The country's leading African-American lawmakers, civil rights leaders and medical experts today called on the federal government to adopt and implement a new blueprint to address the HIV/AIDS crisis in the African-American community. The plan is outlined in a new report, African-Americans, Health Disparities and HIV/AIDS: Recommendations for Confronting the Epidemic in Black America, written by Robert E. Fullilove, EdD, associate dean for Community and Minority Affairs and professor of Clinical Sociomedical Sciences at Columbia University's Mailman School of Public Health. The report was released by the National Minority AIDS Council (NMAC) in advance of World AIDS Day (December 1).
Since the beginning of the HIV/AIDS epidemic 25 years ago, African-Americans have been overrepresented among those living with and dying from AIDS. The disease continues to affect African-Americans more than any other racial/ethnic group in the United States. Today, African Americans comprise only 13% of the U.S. population but account for over half of all new HIV/AIDS diagnoses. Over 200,000 African-Americans have died of AIDS, half a million are now living with HIV and blacks are 10 times more likely than whites to have AIDS. Confronting this national health disparity is a paramount concern.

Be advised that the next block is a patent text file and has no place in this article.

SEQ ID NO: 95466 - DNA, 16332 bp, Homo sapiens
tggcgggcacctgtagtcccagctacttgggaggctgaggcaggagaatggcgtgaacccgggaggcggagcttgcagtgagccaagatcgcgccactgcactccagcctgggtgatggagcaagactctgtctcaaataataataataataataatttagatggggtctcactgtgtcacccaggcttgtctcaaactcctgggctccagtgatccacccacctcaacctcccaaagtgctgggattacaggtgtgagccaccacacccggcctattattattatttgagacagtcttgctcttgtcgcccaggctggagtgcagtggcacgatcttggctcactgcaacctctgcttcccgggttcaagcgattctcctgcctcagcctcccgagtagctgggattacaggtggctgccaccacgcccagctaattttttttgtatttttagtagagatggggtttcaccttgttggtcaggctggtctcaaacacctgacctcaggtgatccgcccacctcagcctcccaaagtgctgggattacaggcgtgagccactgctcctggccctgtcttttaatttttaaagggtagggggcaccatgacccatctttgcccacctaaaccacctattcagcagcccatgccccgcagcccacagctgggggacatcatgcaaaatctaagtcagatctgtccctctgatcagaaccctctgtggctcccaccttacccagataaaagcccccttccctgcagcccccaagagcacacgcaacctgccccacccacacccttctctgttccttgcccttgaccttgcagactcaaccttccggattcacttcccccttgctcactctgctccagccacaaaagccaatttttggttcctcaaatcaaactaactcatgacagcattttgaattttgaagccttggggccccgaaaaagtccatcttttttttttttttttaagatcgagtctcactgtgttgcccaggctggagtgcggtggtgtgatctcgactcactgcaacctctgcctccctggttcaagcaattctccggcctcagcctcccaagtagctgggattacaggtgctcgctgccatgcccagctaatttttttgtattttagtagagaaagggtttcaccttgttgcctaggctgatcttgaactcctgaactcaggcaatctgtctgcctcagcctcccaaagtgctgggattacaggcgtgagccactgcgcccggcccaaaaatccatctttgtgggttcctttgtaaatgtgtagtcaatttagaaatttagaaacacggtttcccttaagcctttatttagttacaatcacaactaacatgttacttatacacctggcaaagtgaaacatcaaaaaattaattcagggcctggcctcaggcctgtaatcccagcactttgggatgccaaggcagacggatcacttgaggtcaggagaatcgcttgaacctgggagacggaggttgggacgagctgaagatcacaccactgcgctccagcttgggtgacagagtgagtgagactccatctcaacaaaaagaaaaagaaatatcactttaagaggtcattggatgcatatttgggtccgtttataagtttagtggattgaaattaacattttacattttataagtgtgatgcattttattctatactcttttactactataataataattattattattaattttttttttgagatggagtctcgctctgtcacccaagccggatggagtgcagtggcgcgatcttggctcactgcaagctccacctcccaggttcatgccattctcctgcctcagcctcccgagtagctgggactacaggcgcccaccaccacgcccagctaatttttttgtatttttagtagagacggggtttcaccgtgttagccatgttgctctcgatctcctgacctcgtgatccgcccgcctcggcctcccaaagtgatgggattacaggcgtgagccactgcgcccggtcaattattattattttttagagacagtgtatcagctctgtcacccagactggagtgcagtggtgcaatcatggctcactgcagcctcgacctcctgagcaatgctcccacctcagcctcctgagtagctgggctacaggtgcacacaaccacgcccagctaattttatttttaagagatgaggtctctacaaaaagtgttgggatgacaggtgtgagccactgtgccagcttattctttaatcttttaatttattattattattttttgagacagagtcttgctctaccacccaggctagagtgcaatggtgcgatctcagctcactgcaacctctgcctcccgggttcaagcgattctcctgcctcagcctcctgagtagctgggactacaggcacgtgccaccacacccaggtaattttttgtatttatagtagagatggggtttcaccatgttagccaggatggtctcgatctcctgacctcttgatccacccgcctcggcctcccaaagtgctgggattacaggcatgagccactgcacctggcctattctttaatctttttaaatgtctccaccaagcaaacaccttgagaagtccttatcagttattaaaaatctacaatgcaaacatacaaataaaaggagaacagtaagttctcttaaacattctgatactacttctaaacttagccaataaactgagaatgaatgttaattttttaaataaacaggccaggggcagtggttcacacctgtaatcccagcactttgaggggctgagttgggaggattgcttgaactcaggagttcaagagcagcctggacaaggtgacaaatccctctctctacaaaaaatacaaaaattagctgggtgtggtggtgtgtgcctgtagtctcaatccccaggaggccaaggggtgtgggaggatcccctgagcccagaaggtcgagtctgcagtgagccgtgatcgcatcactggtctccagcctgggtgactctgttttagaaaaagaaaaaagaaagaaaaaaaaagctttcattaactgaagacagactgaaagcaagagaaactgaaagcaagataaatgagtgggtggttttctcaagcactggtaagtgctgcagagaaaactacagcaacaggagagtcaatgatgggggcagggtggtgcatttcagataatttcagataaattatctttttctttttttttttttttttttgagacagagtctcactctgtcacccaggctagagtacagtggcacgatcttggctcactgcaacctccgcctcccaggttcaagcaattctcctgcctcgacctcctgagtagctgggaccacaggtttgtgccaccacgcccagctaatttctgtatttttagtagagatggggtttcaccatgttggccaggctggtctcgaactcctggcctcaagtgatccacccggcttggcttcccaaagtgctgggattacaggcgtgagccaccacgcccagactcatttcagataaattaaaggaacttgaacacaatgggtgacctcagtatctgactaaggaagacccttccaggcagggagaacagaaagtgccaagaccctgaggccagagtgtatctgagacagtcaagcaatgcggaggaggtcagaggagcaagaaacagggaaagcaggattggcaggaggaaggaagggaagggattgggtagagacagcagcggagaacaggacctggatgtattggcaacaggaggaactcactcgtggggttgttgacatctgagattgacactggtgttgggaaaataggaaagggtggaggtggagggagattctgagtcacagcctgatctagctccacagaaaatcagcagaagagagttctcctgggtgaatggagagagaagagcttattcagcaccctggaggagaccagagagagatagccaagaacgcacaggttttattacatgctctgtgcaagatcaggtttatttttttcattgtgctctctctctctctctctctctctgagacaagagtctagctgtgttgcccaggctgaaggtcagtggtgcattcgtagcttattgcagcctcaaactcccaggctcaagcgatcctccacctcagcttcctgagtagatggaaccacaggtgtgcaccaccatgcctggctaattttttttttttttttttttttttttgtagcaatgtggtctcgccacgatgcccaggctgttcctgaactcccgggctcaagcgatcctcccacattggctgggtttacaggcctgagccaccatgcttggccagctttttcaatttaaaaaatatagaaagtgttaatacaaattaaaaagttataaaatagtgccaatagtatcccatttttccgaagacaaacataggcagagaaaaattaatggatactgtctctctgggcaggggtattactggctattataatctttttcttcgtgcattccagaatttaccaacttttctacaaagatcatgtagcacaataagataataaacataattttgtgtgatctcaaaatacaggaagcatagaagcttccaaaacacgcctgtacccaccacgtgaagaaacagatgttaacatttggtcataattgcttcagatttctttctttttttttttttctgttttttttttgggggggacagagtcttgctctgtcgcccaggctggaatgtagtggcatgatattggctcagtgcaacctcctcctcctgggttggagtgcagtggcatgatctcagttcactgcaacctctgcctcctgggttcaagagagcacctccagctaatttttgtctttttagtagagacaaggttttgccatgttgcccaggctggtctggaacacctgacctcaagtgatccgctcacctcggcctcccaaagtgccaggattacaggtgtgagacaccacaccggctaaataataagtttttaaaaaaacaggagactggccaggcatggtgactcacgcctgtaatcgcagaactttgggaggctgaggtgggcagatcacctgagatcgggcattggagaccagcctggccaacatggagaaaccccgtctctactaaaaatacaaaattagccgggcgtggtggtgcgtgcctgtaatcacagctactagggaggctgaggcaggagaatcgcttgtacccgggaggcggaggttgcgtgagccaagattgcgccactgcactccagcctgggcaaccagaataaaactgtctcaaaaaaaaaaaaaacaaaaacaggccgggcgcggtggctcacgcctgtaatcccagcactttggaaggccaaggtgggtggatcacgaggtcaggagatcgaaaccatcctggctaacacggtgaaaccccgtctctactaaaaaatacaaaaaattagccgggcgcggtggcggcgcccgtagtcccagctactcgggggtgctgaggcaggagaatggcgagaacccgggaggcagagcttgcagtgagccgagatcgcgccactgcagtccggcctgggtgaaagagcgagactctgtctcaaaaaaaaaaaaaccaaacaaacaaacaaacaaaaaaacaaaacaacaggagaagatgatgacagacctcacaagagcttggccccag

NMAC's report, written by Dr. Fullilove, is a comprehensive analysis of the complex social, economic and personal factors that underpin the black AIDS epidemic. Its recommendations are endorsed by a blue-ribbon expert advisory panel of some 30 African-American leaders that includes, among others, Julian Bond (chairman, NAACP), Dr. Louis Sullivan (former Secretary of Health and Human Services), Dr. David Satcher (former U.S. Surgeon General), Marian Wright Edelman (president, Children's Defense Fund) and Marc Morial (president, National Urban League).
"At this time each year, the U.S. Centers for Disease Control and Prevention releases new national HIV statisticPage: 1 2 3 4 Related biology news :1
Source:Columbia University's Mailman School of Public Health
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